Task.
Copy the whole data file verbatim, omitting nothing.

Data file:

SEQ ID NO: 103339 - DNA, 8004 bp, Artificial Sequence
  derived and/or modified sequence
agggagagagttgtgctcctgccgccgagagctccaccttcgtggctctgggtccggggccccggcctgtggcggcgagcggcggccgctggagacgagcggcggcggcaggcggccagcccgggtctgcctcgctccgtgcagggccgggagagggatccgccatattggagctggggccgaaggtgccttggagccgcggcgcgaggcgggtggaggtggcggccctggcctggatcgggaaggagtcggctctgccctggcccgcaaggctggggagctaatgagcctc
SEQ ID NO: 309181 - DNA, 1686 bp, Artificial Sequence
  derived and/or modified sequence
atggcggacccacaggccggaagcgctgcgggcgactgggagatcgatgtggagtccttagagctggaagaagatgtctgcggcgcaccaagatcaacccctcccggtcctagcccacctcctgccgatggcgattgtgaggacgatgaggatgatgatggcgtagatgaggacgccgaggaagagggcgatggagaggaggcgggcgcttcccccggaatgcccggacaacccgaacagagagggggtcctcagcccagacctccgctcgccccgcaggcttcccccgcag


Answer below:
SEQ ID NO: 103339 - DNA, 8004 bp, Artificial Sequence
  derived and/or modified sequence
agggagagagttgtgctcctgccgccgagagctccaccttcgtggctctgggtccggggccccggcctgtggcggcgagcggcggccgctggagacgagcggcggcggcaggcggccagcccgggtctgcctcgctccgtgcagggccgggagagggatccgccatattggagctggggccgaaggtgccttggagccgcggcgcgaggcgggtggaggtggcggccctggcctggatcgggaaggagtcggctctgccctggcccgcaaggctggggagctaatgagcctc
SEQ ID NO: 309181 - DNA, 1686 bp, Artificial Sequence
  derived and/or modified sequence
atggcggacccacaggccggaagcgctgcgggcgactgggagatcgatgtggagtccttagagctggaagaagatgtctgcggcgcaccaagatcaacccctcccggtcctagcccacctcctgccgatggcgattgtgaggacgatgaggatgatgatggcgtagatgaggacgccgaggaagagggcgatggagaggaggcgggcgcttcccccggaatgcccggacaacccgaacagagagggggtcctcagcccagacctccgctcgccccgcaggcttcccccgcag